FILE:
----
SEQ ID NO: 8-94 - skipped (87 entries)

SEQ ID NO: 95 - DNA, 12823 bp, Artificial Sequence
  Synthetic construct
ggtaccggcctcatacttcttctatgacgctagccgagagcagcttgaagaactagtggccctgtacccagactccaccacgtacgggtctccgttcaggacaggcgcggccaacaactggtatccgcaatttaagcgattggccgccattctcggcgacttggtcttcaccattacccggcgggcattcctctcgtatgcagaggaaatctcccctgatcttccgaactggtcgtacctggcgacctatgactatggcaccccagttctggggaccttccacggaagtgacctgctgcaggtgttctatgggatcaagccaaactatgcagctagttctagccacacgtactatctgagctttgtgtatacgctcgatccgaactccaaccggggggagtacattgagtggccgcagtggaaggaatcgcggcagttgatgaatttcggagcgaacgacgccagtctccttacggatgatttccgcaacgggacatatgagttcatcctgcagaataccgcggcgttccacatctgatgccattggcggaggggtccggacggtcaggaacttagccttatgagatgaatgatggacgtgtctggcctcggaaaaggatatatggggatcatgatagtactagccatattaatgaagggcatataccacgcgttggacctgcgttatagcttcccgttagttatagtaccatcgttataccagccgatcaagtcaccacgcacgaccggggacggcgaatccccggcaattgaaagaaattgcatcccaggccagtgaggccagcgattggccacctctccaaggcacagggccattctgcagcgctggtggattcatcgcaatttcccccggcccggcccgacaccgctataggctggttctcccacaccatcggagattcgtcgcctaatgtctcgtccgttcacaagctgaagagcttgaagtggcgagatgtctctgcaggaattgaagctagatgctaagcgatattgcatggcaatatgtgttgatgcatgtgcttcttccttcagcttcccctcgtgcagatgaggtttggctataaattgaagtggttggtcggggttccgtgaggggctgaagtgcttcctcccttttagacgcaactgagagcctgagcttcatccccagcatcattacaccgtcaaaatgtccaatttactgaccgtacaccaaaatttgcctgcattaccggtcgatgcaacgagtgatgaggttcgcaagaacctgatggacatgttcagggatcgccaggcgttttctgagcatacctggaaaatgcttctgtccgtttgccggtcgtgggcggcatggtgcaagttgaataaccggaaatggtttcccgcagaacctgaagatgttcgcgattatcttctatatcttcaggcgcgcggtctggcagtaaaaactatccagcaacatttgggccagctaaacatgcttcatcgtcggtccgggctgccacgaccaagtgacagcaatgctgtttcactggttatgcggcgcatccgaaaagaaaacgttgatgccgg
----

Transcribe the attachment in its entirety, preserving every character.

SEQ ID NO: 8-94 - skipped (87 entries)

SEQ ID NO: 95 - DNA, 12823 bp, Artificial Sequence
  Synthetic construct
ggtaccggcctcatacttcttctatgacgctagccgagagcagcttgaagaactagtggccctgtacccagactccaccacgtacgggtctccgttcaggacaggcgcggccaacaactggtatccgcaatttaagcgattggccgccattctcggcgacttggtcttcaccattacccggcgggcattcctctcgtatgcagaggaaatctcccctgatcttccgaactggtcgtacctggcgacctatgactatggcaccccagttctggggaccttccacggaagtgacctgctgcaggtgttctatgggatcaagccaaactatgcagctagttctagccacacgtactatctgagctttgtgtatacgctcgatccgaactccaaccggggggagtacattgagtggccgcagtggaaggaatcgcggcagttgatgaatttcggagcgaacgacgccagtctccttacggatgatttccgcaacgggacatatgagttcatcctgcagaataccgcggcgttccacatctgatgccattggcggaggggtccggacggtcaggaacttagccttatgagatgaatgatggacgtgtctggcctcggaaaaggatatatggggatcatgatagtactagccatattaatgaagggcatataccacgcgttggacctgcgttatagcttcccgttagttatagtaccatcgttataccagccgatcaagtcaccacgcacgaccggggacggcgaatccccggcaattgaaagaaattgcatcccaggccagtgaggccagcgattggccacctctccaaggcacagggccattctgcagcgctggtggattcatcgcaatttcccccggcccggcccgacaccgctataggctggttctcccacaccatcggagattcgtcgcctaatgtctcgtccgttcacaagctgaagagcttgaagtggcgagatgtctctgcaggaattgaagctagatgctaagcgatattgcatggcaatatgtgttgatgcatgtgcttcttccttcagcttcccctcgtgcagatgaggtttggctataaattgaagtggttggtcggggttccgtgaggggctgaagtgcttcctcccttttagacgcaactgagagcctgagcttcatccccagcatcattacaccgtcaaaatgtccaatttactgaccgtacaccaaaatttgcctgcattaccggtcgatgcaacgagtgatgaggttcgcaagaacctgatggacatgttcagggatcgccaggcgttttctgagcatacctggaaaatgcttctgtccgtttgccggtcgtgggcggcatggtgcaagttgaataaccggaaatggtttcccgcagaacctgaagatgttcgcgattatcttctatatcttcaggcgcgcggtctggcagtaaaaactatccagcaacatttgggccagctaaacatgcttcatcgtcggtccgggctgccacgaccaagtgacagcaatgctgtttcactggttatgcggcgcatccgaaaagaaaacgttgatgccgg